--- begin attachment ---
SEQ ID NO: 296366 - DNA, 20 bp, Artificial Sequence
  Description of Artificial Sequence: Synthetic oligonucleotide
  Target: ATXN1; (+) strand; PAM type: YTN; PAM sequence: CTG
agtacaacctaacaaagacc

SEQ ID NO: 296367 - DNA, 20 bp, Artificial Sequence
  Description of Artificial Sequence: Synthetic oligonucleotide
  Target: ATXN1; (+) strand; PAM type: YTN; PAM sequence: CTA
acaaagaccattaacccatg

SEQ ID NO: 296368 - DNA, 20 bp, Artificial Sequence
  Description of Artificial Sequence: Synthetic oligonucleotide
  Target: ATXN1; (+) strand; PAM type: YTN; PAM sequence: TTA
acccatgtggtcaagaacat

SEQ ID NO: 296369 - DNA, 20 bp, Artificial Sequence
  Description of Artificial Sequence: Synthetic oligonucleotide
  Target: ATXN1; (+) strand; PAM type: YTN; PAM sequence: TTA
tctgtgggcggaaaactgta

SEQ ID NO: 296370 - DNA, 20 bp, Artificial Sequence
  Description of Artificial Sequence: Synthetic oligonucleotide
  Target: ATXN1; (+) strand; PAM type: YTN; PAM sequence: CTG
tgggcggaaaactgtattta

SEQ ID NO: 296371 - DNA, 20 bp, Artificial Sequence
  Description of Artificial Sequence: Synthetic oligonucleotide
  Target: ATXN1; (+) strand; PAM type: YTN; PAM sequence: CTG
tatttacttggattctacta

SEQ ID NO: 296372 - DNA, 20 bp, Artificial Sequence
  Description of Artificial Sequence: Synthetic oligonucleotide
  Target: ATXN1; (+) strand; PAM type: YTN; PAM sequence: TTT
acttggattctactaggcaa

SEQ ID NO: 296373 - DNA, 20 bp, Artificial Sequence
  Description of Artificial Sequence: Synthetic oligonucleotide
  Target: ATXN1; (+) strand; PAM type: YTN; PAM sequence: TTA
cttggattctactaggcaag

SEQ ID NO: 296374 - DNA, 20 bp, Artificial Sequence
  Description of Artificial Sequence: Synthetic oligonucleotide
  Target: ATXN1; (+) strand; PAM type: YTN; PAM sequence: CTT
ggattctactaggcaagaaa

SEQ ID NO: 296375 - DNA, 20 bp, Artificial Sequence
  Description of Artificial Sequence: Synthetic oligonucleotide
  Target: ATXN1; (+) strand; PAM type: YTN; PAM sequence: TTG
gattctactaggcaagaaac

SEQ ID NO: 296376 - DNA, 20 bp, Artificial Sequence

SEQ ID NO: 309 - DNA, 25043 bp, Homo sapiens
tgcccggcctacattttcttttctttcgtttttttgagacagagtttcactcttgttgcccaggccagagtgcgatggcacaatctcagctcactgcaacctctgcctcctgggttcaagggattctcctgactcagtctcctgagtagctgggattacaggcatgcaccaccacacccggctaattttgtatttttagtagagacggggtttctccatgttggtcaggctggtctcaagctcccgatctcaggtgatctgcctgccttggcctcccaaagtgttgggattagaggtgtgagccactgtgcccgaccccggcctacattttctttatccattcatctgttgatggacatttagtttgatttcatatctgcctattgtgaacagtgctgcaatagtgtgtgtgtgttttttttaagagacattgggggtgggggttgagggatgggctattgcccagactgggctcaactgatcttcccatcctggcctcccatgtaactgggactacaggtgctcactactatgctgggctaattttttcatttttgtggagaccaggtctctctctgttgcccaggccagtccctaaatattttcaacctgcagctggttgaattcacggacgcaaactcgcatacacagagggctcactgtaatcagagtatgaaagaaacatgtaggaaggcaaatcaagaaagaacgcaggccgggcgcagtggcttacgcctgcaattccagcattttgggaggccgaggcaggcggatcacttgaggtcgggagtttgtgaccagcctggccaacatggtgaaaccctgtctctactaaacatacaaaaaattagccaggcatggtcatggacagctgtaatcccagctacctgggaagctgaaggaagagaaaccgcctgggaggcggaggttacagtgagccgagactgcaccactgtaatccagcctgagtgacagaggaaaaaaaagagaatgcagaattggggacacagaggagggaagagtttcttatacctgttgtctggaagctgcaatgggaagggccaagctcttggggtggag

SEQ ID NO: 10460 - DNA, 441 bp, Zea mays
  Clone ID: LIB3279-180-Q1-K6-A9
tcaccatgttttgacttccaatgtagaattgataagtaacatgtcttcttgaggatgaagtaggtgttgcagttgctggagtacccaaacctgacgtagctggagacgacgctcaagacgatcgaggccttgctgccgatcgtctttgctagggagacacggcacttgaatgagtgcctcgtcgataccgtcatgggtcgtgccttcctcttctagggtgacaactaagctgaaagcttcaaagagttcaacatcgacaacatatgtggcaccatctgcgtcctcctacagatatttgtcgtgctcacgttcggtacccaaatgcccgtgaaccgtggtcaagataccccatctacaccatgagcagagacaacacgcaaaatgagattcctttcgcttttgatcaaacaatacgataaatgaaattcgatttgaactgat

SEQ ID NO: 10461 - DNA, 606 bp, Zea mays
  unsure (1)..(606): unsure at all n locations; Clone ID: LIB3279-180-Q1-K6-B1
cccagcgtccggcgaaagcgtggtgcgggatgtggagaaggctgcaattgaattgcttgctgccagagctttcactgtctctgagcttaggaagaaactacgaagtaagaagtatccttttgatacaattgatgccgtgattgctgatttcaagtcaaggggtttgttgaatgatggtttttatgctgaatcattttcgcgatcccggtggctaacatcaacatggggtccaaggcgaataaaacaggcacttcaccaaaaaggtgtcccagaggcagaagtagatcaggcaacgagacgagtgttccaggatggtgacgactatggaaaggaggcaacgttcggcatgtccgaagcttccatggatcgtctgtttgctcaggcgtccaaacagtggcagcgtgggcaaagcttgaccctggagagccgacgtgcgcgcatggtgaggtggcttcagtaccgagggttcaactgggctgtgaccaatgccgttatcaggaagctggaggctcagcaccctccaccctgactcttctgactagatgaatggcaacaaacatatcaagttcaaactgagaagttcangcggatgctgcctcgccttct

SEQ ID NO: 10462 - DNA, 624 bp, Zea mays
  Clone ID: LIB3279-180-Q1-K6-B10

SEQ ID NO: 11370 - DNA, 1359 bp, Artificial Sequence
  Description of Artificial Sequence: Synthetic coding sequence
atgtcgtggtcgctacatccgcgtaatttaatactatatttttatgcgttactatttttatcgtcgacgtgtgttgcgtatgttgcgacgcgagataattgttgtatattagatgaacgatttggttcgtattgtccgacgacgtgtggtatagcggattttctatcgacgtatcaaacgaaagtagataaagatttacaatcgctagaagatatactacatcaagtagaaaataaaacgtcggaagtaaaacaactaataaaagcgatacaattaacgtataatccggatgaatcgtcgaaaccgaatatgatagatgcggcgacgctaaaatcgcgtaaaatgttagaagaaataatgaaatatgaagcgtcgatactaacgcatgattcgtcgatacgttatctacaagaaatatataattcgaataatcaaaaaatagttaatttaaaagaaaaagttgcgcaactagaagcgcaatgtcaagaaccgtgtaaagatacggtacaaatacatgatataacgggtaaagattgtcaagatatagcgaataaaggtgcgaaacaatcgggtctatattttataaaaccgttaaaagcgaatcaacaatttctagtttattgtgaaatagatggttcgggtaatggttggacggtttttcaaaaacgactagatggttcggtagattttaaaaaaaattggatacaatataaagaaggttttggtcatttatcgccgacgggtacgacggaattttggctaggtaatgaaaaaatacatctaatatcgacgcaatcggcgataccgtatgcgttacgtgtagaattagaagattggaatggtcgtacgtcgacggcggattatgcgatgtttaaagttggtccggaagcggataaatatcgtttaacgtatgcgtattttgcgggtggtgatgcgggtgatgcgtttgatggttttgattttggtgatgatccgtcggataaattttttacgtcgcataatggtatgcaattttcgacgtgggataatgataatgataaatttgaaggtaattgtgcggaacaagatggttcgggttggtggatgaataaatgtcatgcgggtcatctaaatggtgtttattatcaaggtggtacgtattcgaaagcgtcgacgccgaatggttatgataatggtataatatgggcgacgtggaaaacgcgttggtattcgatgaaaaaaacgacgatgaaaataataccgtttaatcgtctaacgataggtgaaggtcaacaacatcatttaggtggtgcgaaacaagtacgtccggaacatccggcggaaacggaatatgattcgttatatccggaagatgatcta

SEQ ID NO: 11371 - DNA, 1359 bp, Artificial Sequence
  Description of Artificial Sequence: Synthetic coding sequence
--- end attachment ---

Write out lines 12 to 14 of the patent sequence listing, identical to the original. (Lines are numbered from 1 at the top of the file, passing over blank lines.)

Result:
acccatgtggtcaagaacat

SEQ ID NO: 296369 - DNA, 20 bp, Artificial Sequence
  Description of Artificial Sequence: Synthetic oligonucleotide